Airport Charts

I have a question on the difference on different charts for approach, departure, and Standard Arrival. Could someone with knowledge on this topic explain the difference between:




these are all of the charts for KSAN.



You have Arrivals, Departures, and Instruments approaches. Departure procedures also known as SIDs are designed to get you to an airway and on the “highway” air system. These are nice to have it gives pilots and controllers a clear direction of where aircraft will be. Arrivals or STARS (Standard Terminal Arrivals) give pilots the “off ramp” from a highway to the approaches of airports… it looks like you referenced San Diego.

RNAV or Radio Navigation is a sytem used within the aircraft to get you lined up for a runway.
ILS or Instrument landing system is used for IFR ( Instrument flight rules) when weather is bad and you cannot see the runway. The ILS is a capture to your aircraft computer to held align you on the center line and glide slope of designated runway.
LOC - kinda the same thing as an ILS

ALL these depend on a few factors… Weather, Obstacles, Direction of flight, and type and category of aircraft
It is also about understanding Navigation in general. Study basic navigation and you will soon understand how they all play a roll in sequencing, and who to talk to when flying.


If you’re asking what each of these are, they are, respectively,

Departure procedures: standard departure headings, altitudes, perhaps speeds.[chosen based on destination, direction of travel]

Arrival procedure, again starting at a remote location and heading toward the airfield and giving altitudes, headings and speeds at waypoints along the way [chosen based upon where starting point of approach (i.e. where you’re coming from)]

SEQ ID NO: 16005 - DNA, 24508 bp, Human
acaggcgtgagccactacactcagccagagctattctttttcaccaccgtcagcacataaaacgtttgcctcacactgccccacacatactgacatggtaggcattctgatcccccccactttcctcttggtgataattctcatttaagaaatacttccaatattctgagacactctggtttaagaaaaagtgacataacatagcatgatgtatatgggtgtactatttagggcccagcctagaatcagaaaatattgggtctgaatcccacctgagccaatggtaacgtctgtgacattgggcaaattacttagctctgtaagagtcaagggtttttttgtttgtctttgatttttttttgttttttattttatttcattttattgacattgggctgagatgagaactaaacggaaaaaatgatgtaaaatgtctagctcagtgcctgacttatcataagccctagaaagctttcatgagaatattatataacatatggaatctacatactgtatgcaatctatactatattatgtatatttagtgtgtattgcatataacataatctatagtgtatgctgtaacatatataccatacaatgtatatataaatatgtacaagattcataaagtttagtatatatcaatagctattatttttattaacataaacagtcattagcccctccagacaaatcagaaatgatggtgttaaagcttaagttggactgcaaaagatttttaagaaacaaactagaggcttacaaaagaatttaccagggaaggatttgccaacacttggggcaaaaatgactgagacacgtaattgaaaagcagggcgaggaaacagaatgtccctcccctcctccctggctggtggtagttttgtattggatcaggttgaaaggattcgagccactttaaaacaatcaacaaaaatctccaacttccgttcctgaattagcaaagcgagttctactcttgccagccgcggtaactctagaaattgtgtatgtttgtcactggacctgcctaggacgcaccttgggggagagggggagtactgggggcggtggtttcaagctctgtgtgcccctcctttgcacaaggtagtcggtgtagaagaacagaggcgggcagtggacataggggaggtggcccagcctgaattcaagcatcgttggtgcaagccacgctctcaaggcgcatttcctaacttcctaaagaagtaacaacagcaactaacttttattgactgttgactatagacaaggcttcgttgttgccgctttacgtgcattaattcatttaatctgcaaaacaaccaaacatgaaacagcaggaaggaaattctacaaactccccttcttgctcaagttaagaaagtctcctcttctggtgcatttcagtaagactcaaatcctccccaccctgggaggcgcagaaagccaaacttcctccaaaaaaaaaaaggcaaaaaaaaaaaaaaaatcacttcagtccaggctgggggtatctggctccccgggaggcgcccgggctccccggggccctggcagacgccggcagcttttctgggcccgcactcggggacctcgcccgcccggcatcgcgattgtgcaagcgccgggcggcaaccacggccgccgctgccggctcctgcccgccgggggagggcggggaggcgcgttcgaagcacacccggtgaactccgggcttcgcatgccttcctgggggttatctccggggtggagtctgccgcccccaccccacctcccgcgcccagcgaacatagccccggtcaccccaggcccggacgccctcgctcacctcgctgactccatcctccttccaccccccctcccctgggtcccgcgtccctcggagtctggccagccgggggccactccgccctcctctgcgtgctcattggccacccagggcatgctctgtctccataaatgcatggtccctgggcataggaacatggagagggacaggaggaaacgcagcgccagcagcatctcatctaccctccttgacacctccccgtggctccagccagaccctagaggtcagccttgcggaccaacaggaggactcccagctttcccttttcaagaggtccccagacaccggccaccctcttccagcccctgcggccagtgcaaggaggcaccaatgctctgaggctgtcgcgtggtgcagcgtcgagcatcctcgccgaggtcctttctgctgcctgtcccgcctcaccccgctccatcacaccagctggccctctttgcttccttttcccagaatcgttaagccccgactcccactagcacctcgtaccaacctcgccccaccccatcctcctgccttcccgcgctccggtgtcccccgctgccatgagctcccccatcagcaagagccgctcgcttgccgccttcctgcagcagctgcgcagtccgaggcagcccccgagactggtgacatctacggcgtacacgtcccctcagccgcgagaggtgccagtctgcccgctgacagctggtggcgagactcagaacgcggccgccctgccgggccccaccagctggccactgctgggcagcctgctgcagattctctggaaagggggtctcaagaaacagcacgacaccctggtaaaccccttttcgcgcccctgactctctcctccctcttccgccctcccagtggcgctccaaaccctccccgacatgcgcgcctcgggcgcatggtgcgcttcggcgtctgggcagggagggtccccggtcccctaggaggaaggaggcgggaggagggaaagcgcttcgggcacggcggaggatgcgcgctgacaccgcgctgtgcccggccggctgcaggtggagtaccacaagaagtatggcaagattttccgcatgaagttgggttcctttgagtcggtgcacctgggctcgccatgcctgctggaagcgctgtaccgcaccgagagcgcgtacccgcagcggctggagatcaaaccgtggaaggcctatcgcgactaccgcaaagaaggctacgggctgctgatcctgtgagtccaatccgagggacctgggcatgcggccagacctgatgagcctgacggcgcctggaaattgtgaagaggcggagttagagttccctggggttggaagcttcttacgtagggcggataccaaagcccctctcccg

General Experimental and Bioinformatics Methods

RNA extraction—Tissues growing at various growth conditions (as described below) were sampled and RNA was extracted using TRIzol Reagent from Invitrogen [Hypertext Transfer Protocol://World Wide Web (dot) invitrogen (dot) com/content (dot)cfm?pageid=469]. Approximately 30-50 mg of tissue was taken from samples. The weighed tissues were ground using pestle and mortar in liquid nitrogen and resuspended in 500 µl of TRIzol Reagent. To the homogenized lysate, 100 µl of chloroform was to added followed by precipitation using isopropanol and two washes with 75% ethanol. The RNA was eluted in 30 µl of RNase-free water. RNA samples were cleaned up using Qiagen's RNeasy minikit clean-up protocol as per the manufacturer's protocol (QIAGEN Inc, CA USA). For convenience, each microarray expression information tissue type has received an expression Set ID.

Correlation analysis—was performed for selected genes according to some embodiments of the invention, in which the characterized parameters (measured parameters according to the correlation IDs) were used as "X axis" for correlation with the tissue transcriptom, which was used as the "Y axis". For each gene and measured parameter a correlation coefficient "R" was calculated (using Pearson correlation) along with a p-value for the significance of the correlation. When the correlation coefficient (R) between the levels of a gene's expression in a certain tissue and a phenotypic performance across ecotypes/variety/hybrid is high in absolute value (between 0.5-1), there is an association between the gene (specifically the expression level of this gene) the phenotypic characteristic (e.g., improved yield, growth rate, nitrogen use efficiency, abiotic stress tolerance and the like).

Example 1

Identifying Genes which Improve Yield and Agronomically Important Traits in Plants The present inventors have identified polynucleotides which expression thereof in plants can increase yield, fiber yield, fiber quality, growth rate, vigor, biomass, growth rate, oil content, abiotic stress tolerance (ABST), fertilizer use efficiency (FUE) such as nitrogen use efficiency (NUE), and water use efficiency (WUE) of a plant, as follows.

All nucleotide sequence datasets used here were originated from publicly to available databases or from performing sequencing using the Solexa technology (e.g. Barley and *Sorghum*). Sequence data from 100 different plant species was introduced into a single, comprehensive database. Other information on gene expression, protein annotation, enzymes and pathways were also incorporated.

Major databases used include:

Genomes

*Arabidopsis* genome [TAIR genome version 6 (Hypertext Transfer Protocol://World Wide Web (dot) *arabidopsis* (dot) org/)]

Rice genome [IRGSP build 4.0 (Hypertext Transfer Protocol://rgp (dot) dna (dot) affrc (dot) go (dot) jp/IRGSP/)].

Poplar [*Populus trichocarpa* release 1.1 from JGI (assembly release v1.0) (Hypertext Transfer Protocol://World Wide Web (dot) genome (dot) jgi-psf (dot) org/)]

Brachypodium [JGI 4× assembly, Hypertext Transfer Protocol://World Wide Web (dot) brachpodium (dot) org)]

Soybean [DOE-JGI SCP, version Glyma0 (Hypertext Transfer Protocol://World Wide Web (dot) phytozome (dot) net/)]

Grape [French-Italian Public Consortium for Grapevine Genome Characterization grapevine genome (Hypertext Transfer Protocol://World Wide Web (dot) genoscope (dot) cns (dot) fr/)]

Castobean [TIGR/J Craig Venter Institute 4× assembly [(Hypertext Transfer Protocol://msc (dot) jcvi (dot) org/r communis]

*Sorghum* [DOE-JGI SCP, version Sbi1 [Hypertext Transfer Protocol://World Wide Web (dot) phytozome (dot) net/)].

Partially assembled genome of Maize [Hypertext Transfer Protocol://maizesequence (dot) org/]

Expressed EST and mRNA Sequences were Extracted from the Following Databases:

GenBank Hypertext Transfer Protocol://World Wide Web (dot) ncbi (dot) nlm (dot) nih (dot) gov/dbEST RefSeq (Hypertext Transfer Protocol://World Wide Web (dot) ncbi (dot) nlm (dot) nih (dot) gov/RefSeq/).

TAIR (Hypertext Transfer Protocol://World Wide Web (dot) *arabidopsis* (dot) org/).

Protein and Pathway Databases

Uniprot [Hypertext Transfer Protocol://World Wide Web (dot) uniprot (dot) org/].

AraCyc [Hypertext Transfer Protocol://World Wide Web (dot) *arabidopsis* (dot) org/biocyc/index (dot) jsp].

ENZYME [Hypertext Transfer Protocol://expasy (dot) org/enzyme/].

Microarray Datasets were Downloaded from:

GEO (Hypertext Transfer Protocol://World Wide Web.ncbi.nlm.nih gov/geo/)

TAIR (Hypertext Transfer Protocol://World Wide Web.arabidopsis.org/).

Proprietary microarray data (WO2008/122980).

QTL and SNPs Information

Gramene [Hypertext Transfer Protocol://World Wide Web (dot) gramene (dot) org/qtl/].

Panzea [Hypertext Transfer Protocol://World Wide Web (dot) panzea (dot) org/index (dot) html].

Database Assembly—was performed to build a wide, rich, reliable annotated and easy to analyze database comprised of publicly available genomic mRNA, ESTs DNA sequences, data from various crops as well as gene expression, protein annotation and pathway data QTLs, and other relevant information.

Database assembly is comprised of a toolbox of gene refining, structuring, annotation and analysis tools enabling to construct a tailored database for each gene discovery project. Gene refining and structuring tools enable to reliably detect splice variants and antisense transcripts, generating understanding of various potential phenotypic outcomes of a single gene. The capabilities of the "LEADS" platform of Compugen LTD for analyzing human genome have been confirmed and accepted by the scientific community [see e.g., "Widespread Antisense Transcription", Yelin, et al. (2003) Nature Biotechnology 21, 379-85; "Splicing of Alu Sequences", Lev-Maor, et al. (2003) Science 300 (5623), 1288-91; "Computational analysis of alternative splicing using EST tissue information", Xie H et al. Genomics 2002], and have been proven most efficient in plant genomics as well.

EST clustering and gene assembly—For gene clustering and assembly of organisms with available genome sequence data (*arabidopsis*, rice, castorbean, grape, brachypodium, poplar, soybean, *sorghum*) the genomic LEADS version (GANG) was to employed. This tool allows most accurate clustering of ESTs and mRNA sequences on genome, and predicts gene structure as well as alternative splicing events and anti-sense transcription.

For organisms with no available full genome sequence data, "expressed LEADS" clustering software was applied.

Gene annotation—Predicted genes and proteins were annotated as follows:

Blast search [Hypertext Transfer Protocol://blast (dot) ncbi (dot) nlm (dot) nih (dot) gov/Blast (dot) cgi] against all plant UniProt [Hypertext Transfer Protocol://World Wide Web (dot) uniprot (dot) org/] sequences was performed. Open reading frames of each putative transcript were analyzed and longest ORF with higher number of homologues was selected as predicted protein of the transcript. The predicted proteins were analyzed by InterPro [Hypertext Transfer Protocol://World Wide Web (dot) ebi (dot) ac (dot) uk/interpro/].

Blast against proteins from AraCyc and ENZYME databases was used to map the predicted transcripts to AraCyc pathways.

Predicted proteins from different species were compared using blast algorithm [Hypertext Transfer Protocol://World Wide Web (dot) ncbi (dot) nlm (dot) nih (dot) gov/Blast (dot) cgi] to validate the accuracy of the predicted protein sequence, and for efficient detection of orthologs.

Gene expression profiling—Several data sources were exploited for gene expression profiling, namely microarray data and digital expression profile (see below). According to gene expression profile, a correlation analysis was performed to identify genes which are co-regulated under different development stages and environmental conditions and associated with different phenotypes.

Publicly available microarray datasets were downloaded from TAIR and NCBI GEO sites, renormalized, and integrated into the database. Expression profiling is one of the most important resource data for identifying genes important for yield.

Approach procedures, used once you’re in the vicinity of the field, starting from the end of the arrival plate and taking you to a specific runway, whereas the arrival plates brought you toward the field, generally only offering one or two directions, depending on where you’re landing.

They are named after a waypoint on the chart generally. They’re used so that when planes are arriving, they do so in an orderly, pre-set fashion rather than an uncoordinated mass. Most will have what are called Transitions, meaning you can use, say the same arrival plate whether you’re starting at OCN or west of there, North of KNUC (I’m too lazy to remember that VOR [Edit: SXC]).

For KSAN, as an example, you would use one arrival plate if you’re traveling south along the coast, but another if you’re coming from the northeast, say, by the Twentynine Palms VOR.

Essentially, they standardize traffic flow.


Here’s more about that in a video playlist also covering how to read the chart in addition to answering you’re question :)

All About Approach Charts:


As an example of one that fits inside of a single IF region, here’s what planes flying from KLAX to KSAN would follow. IF has way more traffic than this really allows for, with planes leaving KLAX for KSAN every 2 seconds and all.

But mostly I want to point out the altitudes and speeds for all those people screaming about realism in IF, except when it comes to altitudes and velocity [Edit: I just realized that’s not a VOR, but is the field. LCOVE-STEPN-KLOMN is essentially entering right downwind for 27]:


Tim hit this spot on. Nothing more for me to add. 😁


wow thanks @castle55, @Shawn_Coleman, and @Tim_B!!! Really helpful!


Simular to @Shawn_Coleman link, this one also gives details on how to read and understand the different charts

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